Friday, January 1, 2010

Travels with My Aunts: Part Two, Or, The Bus Ride, An Introduction.


I had no idea people took the bus to be social.

The trip started out promising, the bus half-empty, the sun was just setting, and I had a window seat. It looked like I would not have to share.

Little did I know.

Two hours later, still in the outskirts of Vancouver, we pulled in to the last stop before finally hitting the highway.

I was already wishing I had maxed out my credit card on plane tickets. My legs were cramping, and my sore shoulder was starting to ache. But I had my T3's and my music. I had hope. The bus was filling up fast, but so far I had lucked out.

A very tall man, about 60, with a cane, lurched down the aisle, looked at me, and fell into the seats, sprawling across both, crushing me against the window, making me wince in pain. "Well," he said, turning to peer at me, "looks like you're stuck with me now."

"Get off me," I said, pushing him back into his seat, "you're crushing me!"

"Oh, sorry," he said, "I'm kind of disabled here," lifting his cane and gesturing at his leg.

"I don't care, man," I said, "you're hurting me, move over," and pushed him over, albeit a bit more gently, firmly pulling the armrest between us down.

"Sorry," he said, "is that better?" Well no not really, I thought, but it's not his fault the seats are so damned small, and perhaps a bit of grace is required here.

"Just don't crush me," I said, "I have a bad shoulder." Can we discuss how to define and obtain personal space in our modern society? Oh my gods. Somebody help me.

"Ok," he said, moving over half an inch, "so, how far are you going?"

Oh great. He wants to talk and all I want to do is sleep and forget I am on this bloody bus. "Calgary," I said. Dreading the answer, I asked, "and you?"

"Golden," he said.

"Wonderful," I muttered. That's halfway. I pulled my headphones on and took another T3, turning away. Looking out the window, I was regretting ever thinking this was in any way a good idea. I was fearing I had turned into a snob - I hate snobs -, and deciding that the only way to now survive was to break this down into one-hour increments. I dialed up some Radiohead as I looked around me. The bus was almost full, maybe one or two aisle seats left. People were settling in, wearing headphones, reading books. No one looked violently insane. This is good. Well, maybe me.... Buddy beside me still wanted to talk.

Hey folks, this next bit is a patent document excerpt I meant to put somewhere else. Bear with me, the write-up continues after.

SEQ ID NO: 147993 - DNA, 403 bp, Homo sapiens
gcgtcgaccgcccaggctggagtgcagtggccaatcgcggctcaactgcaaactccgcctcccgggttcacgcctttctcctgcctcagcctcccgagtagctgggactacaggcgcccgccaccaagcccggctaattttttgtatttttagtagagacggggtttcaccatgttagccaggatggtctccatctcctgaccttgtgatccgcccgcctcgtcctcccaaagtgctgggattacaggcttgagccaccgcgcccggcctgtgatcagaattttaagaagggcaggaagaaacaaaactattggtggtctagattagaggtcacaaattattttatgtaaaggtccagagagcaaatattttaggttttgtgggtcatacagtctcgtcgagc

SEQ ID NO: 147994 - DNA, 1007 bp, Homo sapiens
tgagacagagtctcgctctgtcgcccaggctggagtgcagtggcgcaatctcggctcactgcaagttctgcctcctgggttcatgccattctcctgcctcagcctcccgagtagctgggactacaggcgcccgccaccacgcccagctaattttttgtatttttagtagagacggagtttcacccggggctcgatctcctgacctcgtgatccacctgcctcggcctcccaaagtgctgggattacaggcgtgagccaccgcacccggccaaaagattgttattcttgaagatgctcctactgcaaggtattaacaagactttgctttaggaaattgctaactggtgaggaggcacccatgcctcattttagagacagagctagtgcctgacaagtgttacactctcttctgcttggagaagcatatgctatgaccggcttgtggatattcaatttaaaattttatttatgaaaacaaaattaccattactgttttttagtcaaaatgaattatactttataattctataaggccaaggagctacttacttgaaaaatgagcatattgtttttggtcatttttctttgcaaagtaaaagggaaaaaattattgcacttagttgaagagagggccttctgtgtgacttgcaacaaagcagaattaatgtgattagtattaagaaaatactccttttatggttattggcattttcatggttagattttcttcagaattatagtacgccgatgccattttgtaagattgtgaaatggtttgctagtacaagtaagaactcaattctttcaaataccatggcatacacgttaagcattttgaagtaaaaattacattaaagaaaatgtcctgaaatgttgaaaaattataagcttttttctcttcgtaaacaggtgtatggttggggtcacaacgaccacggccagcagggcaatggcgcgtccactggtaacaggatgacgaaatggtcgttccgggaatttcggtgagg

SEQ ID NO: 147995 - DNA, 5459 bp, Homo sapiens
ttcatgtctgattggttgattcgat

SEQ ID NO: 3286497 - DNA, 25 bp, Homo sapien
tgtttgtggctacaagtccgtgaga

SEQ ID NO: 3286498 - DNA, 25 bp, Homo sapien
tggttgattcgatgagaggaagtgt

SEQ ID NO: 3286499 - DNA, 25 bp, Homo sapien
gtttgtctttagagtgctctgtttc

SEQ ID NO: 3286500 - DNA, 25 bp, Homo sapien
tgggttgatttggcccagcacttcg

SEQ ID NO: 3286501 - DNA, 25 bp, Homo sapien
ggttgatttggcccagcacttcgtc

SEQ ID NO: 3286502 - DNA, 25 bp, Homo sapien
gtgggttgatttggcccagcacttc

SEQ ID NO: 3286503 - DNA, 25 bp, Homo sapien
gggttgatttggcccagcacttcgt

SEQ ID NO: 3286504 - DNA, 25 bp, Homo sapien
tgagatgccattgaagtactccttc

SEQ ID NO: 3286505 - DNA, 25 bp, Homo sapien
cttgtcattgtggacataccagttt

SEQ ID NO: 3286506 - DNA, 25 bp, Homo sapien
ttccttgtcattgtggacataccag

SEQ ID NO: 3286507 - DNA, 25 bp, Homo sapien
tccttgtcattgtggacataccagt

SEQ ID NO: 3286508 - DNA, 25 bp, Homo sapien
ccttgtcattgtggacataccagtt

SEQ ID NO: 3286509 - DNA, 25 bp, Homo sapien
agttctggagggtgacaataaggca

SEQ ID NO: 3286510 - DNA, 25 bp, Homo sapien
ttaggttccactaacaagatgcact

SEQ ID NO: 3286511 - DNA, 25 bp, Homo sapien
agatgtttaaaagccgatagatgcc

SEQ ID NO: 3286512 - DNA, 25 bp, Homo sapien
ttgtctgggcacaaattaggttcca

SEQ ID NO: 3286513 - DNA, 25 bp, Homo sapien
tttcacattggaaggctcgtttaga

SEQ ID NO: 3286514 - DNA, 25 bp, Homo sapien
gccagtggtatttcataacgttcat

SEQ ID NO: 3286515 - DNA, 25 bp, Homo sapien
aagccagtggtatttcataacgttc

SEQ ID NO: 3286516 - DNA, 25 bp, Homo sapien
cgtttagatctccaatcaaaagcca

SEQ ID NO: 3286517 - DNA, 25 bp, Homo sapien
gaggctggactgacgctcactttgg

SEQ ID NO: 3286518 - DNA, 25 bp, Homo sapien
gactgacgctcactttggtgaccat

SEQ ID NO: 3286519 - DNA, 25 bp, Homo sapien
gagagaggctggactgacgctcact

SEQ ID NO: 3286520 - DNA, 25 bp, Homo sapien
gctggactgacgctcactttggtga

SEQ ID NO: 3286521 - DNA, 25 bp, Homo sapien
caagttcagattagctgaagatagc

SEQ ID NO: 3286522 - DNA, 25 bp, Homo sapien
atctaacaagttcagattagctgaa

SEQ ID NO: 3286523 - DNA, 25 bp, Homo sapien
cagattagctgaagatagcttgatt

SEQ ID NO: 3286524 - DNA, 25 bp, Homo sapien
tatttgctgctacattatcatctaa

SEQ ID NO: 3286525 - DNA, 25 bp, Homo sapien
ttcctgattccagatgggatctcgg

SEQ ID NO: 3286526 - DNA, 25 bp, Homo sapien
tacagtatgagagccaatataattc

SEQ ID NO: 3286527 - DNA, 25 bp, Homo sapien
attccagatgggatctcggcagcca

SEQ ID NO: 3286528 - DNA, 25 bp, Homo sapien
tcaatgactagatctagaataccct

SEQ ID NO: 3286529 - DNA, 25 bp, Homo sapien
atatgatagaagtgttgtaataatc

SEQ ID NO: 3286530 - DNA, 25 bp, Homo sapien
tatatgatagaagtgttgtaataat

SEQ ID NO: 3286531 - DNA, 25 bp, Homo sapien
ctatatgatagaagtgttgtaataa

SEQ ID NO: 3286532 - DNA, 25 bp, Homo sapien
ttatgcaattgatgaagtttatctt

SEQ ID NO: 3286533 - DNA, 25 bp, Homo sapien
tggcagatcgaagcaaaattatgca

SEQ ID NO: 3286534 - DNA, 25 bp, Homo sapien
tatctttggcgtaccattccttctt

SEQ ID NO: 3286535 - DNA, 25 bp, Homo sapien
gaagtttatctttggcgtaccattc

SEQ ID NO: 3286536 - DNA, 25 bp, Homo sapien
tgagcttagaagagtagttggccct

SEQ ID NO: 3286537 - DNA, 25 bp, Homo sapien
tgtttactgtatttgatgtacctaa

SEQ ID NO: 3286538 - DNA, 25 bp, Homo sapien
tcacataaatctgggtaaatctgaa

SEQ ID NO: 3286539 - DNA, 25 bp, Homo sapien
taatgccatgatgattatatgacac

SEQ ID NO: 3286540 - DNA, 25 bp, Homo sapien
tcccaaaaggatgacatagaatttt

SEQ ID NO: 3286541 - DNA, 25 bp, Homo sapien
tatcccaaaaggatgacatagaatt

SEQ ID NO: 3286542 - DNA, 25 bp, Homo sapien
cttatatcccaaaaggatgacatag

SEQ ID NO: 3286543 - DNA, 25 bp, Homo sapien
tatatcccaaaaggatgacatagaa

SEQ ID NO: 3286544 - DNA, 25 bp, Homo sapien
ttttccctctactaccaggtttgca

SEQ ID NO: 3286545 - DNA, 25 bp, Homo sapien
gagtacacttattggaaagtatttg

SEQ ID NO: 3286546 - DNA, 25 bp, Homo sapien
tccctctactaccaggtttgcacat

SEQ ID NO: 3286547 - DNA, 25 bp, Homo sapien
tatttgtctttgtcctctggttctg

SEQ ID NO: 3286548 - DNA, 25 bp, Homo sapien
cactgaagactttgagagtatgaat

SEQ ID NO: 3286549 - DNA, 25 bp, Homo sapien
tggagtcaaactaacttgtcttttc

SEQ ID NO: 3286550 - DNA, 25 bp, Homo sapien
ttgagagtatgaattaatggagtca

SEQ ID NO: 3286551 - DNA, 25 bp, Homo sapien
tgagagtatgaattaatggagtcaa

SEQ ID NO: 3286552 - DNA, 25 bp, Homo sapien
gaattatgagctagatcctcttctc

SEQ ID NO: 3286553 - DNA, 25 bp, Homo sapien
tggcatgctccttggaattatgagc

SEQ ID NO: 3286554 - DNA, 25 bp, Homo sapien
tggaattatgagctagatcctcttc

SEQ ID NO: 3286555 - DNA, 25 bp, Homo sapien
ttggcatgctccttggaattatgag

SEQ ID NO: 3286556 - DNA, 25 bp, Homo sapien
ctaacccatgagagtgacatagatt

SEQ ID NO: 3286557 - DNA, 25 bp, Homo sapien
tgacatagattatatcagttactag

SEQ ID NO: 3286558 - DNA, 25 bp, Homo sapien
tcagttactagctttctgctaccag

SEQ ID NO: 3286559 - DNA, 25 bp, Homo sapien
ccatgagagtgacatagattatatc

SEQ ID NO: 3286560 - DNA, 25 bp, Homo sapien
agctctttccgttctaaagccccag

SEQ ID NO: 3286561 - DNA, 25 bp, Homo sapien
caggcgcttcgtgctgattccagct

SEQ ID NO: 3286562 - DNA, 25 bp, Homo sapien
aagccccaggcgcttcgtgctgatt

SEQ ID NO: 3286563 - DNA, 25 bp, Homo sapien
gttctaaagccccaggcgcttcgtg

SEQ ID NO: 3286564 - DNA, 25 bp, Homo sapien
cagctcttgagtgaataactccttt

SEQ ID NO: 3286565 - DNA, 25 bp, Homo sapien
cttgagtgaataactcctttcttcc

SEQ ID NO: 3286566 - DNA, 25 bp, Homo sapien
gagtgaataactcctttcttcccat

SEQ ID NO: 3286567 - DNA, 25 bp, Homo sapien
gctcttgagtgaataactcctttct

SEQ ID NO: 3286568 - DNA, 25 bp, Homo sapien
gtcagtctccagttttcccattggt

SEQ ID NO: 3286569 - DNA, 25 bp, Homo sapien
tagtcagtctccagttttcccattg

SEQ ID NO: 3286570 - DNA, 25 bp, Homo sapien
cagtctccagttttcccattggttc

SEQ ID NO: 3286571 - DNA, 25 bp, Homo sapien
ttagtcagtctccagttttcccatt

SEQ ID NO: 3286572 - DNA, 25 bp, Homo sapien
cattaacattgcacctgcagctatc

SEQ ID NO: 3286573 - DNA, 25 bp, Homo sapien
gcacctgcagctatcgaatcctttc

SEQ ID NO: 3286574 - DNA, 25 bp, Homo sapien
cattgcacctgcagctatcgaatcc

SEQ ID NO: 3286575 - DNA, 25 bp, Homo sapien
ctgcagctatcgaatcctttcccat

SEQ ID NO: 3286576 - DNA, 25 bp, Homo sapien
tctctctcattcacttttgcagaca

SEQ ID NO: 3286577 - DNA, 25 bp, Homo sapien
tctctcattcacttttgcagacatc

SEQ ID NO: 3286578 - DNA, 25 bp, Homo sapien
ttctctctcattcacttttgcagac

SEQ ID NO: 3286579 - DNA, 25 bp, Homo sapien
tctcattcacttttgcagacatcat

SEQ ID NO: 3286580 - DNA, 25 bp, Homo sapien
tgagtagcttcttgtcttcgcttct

"You're not really listening to that, are you?" he said.

"Uh," I mean really, how do you answer that? Should I be polite? It's going to be a long night, after all. Didn't I tell myself before I left that I would pretend I was on a third-world trip? Shouldn't I talk to the locals? Ok, fine, I'll be polite, maybe he'll have an interesting story to tell me. Maybe it will help make time pass.

Well. It turns out he had been in a car accident with his wife, suffered a serious head and knee injury, so he couldn't drive, and was off to see his grandchildren, and had worked in the same job all his life, and hated being retired, and -

Oh, dear. "Um," I said, "I have to go to sleep now, if you don't mind. Why don't you try to rest, too?"

"Say, that's a good idea," he said.

Gonna be a long night...


1 comment:

Granny Sue said...

please keep the story going. it's quite a read.